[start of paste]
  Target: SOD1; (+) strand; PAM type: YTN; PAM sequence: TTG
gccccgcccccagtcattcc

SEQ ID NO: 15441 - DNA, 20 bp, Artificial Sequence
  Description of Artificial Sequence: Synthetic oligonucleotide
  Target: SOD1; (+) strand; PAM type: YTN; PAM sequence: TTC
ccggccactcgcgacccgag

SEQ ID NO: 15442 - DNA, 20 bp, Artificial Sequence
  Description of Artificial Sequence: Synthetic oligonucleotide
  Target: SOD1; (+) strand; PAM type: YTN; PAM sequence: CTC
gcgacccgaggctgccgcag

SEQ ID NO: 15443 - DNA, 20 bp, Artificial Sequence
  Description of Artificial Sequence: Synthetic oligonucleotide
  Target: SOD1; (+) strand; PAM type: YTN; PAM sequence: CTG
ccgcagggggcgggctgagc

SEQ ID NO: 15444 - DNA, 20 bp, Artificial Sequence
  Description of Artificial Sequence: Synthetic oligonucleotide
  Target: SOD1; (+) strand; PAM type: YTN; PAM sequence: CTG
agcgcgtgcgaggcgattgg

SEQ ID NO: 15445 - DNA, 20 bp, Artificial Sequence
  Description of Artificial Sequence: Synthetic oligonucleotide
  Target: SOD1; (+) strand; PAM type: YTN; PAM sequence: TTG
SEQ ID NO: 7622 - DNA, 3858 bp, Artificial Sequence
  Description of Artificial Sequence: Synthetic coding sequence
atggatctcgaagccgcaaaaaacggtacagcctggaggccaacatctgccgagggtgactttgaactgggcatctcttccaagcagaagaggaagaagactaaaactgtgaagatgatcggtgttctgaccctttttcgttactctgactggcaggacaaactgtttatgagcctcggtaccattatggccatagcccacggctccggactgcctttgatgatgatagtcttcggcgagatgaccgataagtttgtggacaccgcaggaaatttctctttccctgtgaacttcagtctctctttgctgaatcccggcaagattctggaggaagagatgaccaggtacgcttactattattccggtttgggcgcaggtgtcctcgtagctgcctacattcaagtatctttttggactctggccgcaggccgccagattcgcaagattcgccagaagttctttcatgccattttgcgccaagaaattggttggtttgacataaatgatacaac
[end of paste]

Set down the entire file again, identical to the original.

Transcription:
  Target: SOD1; (+) strand; PAM type: YTN; PAM sequence: TTG
gccccgcccccagtcattcc

SEQ ID NO: 15441 - DNA, 20 bp, Artificial Sequence
  Description of Artificial Sequence: Synthetic oligonucleotide
  Target: SOD1; (+) strand; PAM type: YTN; PAM sequence: TTC
ccggccactcgcgacccgag

SEQ ID NO: 15442 - DNA, 20 bp, Artificial Sequence
  Description of Artificial Sequence: Synthetic oligonucleotide
  Target: SOD1; (+) strand; PAM type: YTN; PAM sequence: CTC
gcgacccgaggctgccgcag

SEQ ID NO: 15443 - DNA, 20 bp, Artificial Sequence
  Description of Artificial Sequence: Synthetic oligonucleotide
  Target: SOD1; (+) strand; PAM type: YTN; PAM sequence: CTG
ccgcagggggcgggctgagc

SEQ ID NO: 15444 - DNA, 20 bp, Artificial Sequence
  Description of Artificial Sequence: Synthetic oligonucleotide
  Target: SOD1; (+) strand; PAM type: YTN; PAM sequence: CTG
agcgcgtgcgaggcgattgg

SEQ ID NO: 15445 - DNA, 20 bp, Artificial Sequence
  Description of Artificial Sequence: Synthetic oligonucleotide
  Target: SOD1; (+) strand; PAM type: YTN; PAM sequence: TTG
SEQ ID NO: 7622 - DNA, 3858 bp, Artificial Sequence
  Description of Artificial Sequence: Synthetic coding sequence
atggatctcgaagccgcaaaaaacggtacagcctggaggccaacatctgccgagggtgactttgaactgggcatctcttccaagcagaagaggaagaagactaaaactgtgaagatgatcggtgttctgaccctttttcgttactctgactggcaggacaaactgtttatgagcctcggtaccattatggccatagcccacggctccggactgcctttgatgatgatagtcttcggcgagatgaccgataagtttgtggacaccgcaggaaatttctctttccctgtgaacttcagtctctctttgctgaatcccggcaagattctggaggaagagatgaccaggtacgcttactattattccggtttgggcgcaggtgtcctcgtagctgcctacattcaagtatctttttggactctggccgcaggccgccagattcgcaagattcgccagaagttctttcatgccattttgcgccaagaaattggttggtttgacataaatgatacaac